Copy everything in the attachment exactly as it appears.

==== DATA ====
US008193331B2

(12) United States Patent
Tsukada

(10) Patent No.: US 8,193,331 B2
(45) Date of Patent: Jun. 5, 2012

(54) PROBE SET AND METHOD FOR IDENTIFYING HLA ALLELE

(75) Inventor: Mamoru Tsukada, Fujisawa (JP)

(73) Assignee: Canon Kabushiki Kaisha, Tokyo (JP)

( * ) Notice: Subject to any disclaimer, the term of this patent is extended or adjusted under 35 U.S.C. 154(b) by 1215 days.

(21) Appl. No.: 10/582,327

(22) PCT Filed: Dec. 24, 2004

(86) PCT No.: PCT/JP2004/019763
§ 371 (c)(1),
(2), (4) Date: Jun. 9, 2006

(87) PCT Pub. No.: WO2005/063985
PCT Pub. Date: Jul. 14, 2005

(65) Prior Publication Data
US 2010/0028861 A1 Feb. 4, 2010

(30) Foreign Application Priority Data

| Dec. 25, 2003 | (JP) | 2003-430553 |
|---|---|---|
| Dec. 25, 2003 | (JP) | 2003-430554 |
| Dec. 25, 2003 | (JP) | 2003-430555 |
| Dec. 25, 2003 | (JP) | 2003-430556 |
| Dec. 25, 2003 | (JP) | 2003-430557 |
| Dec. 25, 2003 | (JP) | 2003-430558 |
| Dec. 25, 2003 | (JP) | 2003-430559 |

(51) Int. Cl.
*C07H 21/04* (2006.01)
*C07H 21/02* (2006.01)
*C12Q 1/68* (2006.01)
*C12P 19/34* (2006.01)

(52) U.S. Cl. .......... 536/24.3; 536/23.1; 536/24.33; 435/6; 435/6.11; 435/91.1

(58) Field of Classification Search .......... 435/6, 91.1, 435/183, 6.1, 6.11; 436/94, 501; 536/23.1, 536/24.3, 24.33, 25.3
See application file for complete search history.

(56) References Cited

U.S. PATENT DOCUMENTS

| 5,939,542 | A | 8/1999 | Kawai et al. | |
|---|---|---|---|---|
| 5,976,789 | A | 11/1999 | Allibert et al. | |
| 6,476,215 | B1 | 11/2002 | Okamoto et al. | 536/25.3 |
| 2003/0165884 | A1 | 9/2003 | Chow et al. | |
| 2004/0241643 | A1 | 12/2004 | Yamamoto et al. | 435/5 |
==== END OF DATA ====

US008193331B2

(12) United States Patent
Tsukada

(10) Patent No.: US 8,193,331 B2
(45) Date of Patent: Jun. 5, 2012

(54) PROBE SET AND METHOD FOR IDENTIFYING HLA ALLELE

(75) Inventor: Mamoru Tsukada, Fujisawa (JP)

(73) Assignee: Canon Kabushiki Kaisha, Tokyo (JP)

( * ) Notice: Subject to any disclaimer, the term of this patent is extended or adjusted under 35 U.S.C. 154(b) by 1215 days.

(21) Appl. No.: 10/582,327

(22) PCT Filed: Dec. 24, 2004

(86) PCT No.: PCT/JP2004/019763
§ 371 (c)(1),
(2), (4) Date: Jun. 9, 2006

(87) PCT Pub. No.: WO2005/063985
PCT Pub. Date: Jul. 14, 2005

(65) Prior Publication Data
US 2010/0028861 A1 Feb. 4, 2010

(30) Foreign Application Priority Data

| Dec. 25, 2003 | (JP) | 2003-430553 |
|---|---|---|
| Dec. 25, 2003 | (JP) | 2003-430554 |
| Dec. 25, 2003 | (JP) | 2003-430555 |
| Dec. 25, 2003 | (JP) | 2003-430556 |
| Dec. 25, 2003 | (JP) | 2003-430557 |
| Dec. 25, 2003 | (JP) | 2003-430558 |
| Dec. 25, 2003 | (JP) | 2003-430559 |

(51) Int. Cl.
*C07H 21/04* (2006.01)
*C07H 21/02* (2006.01)
*C12Q 1/68* (2006.01)
*C12P 19/34* (2006.01)

(52) U.S. Cl. .......... 536/24.3; 536/23.1; 536/24.33; 435/6; 435/6.11; 435/91.1

(58) Field of Classification Search .......... 435/6, 91.1, 435/183, 6.1, 6.11; 436/94, 501; 536/23.1, 536/24.3, 24.33, 25.3
See application file for complete search history.

(56) References Cited

U.S. PATENT DOCUMENTS

| 5,939,542 | A | 8/1999 | Kawai et al. | |
|---|---|---|---|---|
| 5,976,789 | A | 11/1999 | Allibert et al. | |
| 6,476,215 | B1 | 11/2002 | Okamoto et al. | 536/25.3 |
| 2003/0165884 | A1 | 9/2003 | Chow et al. | |
| 2004/0241643 | A1 | 12/2004 | Yamamoto et al. | 435/5 |